The Powerful Insights Hiding in Your Sales Data

If you’re relatively new to crunching your company’s numbers, the phrase “Business Intelligence” might seem a bit daunting. But the truth is you don’t need massive databases of complex data to get really useful insights from business intelligence tools.

In fact, with the most basic sales data you can come up with really interesting insights.

Basic Sales Data

What’s hiding beneath the surface of this data is the ability to split out revenue from first time customers and revenue from returning customers. Before we get down to the nuts and bolts, let’s consider the insights you can glean from this

New vs returning customers

Here’s the tricky part though: there’s no way to know what the “correct” ratio of new customer revenue to old customer revenue is. It’s going to depend on your particular market. But by plotting these values over time, you have relative measures of how you’re doing on each. For example, if your new customer revenue is consistently growing, but your returning customer revenue is flat, you’ve got a very leaky bucket and need to improve your product or service.

On the other hand, if your new customer business has been falling over the last few months, but your returning customer revenue is holding steady, something is probably wrong with your marketing / sales effort.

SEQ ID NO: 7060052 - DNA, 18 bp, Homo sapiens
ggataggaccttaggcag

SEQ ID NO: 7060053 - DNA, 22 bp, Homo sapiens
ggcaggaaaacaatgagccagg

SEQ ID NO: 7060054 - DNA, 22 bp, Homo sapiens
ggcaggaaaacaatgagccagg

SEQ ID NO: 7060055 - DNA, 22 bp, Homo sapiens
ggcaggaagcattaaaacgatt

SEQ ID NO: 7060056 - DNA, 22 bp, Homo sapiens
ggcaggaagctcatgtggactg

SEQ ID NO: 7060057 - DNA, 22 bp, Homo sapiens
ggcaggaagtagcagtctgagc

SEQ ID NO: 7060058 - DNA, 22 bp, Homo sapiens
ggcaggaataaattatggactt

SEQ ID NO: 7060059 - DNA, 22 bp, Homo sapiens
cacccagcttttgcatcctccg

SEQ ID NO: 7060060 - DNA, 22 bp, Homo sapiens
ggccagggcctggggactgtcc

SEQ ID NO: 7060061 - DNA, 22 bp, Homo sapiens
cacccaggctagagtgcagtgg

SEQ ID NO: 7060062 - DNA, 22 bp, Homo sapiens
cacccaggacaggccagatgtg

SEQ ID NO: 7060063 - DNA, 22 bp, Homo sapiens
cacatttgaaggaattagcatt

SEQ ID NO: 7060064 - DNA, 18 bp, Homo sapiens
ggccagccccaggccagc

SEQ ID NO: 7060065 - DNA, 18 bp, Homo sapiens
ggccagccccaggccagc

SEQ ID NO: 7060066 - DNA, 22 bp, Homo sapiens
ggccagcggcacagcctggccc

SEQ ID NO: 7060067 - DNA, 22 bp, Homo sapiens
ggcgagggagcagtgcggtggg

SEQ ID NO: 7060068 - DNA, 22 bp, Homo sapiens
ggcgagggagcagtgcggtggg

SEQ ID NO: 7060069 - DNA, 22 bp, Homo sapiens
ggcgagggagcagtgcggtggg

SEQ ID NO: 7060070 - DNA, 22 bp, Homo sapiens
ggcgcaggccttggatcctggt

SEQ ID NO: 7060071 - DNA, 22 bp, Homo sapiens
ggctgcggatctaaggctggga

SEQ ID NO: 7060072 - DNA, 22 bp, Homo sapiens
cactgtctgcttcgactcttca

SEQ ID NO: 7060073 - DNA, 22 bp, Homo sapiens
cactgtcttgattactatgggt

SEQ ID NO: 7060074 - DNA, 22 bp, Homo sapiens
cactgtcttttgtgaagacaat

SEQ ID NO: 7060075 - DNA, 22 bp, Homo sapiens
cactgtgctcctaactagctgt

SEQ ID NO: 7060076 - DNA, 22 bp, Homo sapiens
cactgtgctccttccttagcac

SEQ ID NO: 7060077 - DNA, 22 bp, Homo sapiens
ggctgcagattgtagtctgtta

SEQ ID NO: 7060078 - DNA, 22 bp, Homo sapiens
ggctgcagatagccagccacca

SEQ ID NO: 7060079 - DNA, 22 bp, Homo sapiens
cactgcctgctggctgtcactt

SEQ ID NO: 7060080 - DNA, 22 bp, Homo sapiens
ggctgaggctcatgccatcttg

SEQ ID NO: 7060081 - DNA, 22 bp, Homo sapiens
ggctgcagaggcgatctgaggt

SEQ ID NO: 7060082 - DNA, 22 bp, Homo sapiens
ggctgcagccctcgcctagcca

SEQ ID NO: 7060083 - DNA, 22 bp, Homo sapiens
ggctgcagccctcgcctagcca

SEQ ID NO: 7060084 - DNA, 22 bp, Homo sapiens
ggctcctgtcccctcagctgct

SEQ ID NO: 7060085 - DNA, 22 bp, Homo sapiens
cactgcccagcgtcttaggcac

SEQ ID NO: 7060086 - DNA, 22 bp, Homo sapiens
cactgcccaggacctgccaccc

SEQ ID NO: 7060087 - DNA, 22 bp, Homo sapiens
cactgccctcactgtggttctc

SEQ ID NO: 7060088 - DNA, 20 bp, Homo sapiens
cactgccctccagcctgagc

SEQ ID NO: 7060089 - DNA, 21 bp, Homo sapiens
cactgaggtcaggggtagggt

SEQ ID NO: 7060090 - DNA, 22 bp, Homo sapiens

At MakeStickers, we recently made an improvement to the way we show live previews for some of our stickers. The (sanitized) chart below shows what happened. New growth in new customer revenue has outpaced growth in returning customer revenue. Over time, we expect returning customer revenue to catch up with new customer revenue.

The light green line is revenue from first-time customers. The dark line is revenue from returning customers.

Making the Report

If you’re brand new to all this, go ahead and download Microsoft’s Power BI Desktop — it’s my go-to for crunching numbers. You can also use Google’s Data Studio. Many of the concepts are the same.

Our first step will be to make a calculated table that has one row for each customer. The formula for this table is just:

Customers = DISTINCT(Orders[Email])

Be sure to add a relationship between the Email column on the Customers table and the Email column on the Orders table.

Next, we add a calculated column on our new Customers table to list the date of the first order for each customer:

FirstOrderDate = CALCULATE(MIN('Orders'[Date]), RELATEDTABLE('Orders'))

At this point, we have created a brand new calculated table that lists each customer and his or her first order date.

We can use that table to help us calculate whether each order in the Orders table is a customer’s first order or not:

IsFirstOrder = RELATED('Customers'[FirstOrderDate]) = 'Order'[OrderDate])

If an order’s date is equal to the date of the first order for that customer, then it must be the first order for that customer.

Now you can use IsFirstOrder as your Legend on any charts you want to make!

Using the same basic sales data, you can plot the average order value for new and returning customers, and the number of orders for each group.

Get Started

I love talking analytics. I’m on Twitter @adamfeil.

Educational Psychology Ph.D., business analytics nerd, computer scientist, President @MakeStickers